Writer: Philip Stokes
Director: Philip Stokes
Reviewer: Deborah Klayman
The Public Reviews Rating:
Fringe favourites Horizon Arts are back with this new play, Razing Eddie, written and directed by company Artistic Director Philip Stokes. Bad lad Eddie is out of prison after four years and swears he is a changed man, but despite this claim immediately seeks out ex-girlfriend Shauna who is doing her best to move on. A piece about guilt and loyalty, the pair are literally haunted by their past and trapped in a vicious circle of heartbreak and violence, unable to break free of it or each other.
Although a production that has been proving popular with the Edinburgh audience, Razing Eddie is a piece that lacks the punch of Heroin(e) For Breakfast or the humour of Laundry Boy. The beginning is slightly stilted and oddly staged, but the entrance of Lee Bainbridge’s Eddie brings energy and confidence that lights up the stage. Unfortunately, this cannot sustain over the full seventy minutes, as the story becomes strangely predictable – despite its unusual premise – and descends into wall-to-wall sobbing. There are numerous funny and moving moments, and complimenting Bainbridge’s central role Aiden Ross gives a fantastically infuriatingly performance as Billy, with the re-enactment of their complex relationship coming to its believably tragic conclusion.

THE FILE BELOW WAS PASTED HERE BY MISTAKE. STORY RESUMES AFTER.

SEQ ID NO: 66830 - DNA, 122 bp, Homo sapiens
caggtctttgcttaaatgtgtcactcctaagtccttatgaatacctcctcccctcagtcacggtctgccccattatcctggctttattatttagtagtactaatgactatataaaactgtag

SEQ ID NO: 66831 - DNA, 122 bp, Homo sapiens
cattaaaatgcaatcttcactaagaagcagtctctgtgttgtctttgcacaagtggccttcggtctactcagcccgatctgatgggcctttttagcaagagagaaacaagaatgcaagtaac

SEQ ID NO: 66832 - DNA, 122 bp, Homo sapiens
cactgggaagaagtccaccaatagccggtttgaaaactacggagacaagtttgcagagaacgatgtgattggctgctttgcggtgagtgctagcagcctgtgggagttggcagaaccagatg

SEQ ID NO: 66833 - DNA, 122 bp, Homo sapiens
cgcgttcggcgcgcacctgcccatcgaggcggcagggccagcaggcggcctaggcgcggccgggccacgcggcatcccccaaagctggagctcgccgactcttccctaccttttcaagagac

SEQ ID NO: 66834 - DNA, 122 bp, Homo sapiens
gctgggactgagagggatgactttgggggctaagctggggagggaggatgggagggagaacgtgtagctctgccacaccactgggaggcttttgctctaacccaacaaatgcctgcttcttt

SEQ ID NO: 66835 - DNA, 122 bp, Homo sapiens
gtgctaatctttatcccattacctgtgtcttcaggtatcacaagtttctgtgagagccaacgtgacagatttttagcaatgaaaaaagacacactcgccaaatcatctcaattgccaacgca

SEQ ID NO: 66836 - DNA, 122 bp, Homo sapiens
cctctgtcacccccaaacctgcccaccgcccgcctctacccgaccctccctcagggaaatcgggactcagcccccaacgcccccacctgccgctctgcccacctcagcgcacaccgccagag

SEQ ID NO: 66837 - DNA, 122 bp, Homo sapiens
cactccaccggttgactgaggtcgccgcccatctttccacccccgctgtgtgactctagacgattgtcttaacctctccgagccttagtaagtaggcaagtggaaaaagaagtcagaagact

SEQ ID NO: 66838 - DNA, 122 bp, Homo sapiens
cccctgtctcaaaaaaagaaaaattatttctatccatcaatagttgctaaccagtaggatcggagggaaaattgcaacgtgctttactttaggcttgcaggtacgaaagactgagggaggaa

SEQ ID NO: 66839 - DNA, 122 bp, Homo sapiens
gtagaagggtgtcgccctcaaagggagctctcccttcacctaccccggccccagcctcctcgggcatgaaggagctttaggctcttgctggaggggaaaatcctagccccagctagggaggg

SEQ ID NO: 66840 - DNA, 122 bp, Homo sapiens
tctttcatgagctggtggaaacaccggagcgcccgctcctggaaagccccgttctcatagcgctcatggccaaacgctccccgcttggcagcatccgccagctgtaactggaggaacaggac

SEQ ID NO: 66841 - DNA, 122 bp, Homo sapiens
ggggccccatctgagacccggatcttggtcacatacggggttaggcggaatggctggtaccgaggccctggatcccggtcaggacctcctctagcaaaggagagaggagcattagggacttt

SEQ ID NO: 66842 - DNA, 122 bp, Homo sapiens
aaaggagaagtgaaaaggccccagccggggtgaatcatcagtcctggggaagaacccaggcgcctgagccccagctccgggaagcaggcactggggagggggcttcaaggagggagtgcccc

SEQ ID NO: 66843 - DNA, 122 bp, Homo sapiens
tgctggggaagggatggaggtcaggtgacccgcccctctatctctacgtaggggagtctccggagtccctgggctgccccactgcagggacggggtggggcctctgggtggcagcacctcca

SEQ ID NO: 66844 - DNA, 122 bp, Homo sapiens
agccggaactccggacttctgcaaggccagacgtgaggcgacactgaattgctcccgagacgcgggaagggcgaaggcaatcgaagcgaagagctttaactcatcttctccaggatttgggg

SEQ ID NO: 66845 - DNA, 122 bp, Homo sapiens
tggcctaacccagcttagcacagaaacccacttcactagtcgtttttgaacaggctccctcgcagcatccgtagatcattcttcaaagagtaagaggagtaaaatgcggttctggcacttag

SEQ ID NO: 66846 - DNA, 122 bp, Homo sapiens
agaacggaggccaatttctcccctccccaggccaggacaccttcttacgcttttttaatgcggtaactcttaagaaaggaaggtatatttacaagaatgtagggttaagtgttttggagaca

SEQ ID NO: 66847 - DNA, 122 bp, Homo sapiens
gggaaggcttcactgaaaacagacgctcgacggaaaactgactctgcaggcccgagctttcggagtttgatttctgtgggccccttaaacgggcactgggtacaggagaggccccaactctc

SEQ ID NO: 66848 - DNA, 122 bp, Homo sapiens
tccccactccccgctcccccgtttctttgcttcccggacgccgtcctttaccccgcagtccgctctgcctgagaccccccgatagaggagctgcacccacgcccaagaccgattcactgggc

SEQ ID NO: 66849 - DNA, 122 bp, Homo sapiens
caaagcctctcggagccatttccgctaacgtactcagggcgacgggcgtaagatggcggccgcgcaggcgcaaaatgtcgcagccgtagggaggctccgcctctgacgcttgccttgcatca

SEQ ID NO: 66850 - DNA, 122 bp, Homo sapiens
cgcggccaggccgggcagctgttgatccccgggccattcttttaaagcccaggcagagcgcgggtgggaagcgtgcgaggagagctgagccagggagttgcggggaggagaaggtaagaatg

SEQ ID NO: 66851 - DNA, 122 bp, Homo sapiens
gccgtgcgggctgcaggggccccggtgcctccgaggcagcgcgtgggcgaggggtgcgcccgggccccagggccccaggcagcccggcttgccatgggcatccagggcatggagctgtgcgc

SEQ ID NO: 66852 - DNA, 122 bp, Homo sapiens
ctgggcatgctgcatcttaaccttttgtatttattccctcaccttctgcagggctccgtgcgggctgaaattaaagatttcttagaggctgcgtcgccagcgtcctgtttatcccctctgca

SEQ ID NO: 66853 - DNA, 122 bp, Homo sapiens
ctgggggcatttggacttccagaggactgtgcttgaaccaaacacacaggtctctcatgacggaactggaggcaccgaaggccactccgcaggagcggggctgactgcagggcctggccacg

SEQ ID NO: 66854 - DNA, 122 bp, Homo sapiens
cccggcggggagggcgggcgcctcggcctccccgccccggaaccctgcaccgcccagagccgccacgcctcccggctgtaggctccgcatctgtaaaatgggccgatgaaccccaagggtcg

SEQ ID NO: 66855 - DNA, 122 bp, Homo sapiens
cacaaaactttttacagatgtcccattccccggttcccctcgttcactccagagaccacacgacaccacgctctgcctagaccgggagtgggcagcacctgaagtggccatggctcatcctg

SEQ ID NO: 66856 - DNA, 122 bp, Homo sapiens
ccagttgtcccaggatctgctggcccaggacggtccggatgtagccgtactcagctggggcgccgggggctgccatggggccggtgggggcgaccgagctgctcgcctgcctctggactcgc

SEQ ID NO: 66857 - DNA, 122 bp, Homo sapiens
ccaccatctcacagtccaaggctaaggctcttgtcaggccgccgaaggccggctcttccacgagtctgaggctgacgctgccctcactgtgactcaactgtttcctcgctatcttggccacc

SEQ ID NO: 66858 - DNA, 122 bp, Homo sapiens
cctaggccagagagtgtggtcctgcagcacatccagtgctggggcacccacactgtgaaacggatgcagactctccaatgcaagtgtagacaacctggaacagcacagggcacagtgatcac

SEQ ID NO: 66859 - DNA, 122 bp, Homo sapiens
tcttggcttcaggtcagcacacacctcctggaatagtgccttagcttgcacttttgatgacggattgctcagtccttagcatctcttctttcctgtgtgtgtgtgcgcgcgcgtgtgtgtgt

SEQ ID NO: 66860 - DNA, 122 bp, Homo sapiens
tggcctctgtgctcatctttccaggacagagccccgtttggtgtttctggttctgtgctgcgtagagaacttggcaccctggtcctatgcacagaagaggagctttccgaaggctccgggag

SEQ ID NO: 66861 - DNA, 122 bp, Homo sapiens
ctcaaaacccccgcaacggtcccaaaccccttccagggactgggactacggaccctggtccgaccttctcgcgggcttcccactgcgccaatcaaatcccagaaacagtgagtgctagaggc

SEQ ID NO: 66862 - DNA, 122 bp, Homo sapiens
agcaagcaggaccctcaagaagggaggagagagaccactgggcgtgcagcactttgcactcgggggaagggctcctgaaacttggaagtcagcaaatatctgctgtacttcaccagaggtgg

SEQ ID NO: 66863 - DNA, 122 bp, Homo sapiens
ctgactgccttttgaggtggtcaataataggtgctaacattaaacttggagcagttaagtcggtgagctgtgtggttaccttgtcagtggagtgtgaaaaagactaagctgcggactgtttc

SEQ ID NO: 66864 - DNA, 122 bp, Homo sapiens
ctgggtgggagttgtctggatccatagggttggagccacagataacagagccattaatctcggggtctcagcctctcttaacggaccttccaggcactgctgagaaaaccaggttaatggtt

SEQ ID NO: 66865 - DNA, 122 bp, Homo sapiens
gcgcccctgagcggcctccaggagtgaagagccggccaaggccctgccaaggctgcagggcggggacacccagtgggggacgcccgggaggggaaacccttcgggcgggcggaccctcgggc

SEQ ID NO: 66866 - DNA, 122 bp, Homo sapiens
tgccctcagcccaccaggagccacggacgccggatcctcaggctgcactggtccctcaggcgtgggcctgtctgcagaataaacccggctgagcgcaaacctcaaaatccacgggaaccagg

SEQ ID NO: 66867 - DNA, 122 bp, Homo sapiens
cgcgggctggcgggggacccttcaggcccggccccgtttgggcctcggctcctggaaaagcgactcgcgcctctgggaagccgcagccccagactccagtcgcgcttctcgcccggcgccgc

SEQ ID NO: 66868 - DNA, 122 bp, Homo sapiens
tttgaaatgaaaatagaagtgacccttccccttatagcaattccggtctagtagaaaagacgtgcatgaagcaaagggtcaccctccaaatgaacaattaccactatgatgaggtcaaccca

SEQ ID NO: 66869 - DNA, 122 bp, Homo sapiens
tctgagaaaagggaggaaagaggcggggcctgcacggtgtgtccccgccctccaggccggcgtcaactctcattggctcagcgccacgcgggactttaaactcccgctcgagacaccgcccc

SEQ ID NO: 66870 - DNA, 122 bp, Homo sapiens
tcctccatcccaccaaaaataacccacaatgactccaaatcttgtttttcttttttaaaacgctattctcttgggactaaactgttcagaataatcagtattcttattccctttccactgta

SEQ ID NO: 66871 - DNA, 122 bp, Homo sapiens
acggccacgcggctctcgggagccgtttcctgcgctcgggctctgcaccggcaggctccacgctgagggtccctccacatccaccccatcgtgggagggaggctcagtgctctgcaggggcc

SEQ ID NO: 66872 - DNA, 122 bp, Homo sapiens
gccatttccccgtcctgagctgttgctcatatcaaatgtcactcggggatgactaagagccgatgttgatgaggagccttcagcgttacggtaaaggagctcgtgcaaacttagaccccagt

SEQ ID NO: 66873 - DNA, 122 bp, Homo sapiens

Ultimately this is a play that has the best of intentions but fails to deliver all that it is capable of. The introduction of Billy’s zealous sister seemed to serve an expositional role, as she enters and promptly begins wrapping up any plot points that were in question. She also brings God into the piece, which seems reasonable given there are ghosts present, but this leads Eddie to a fairly disingenuous desperate prayer, after which he launches into a monologue which asks how he could have been any other way coming from his background. Sometimes inspired but frequently trite, this new piece just fails to hit the mark.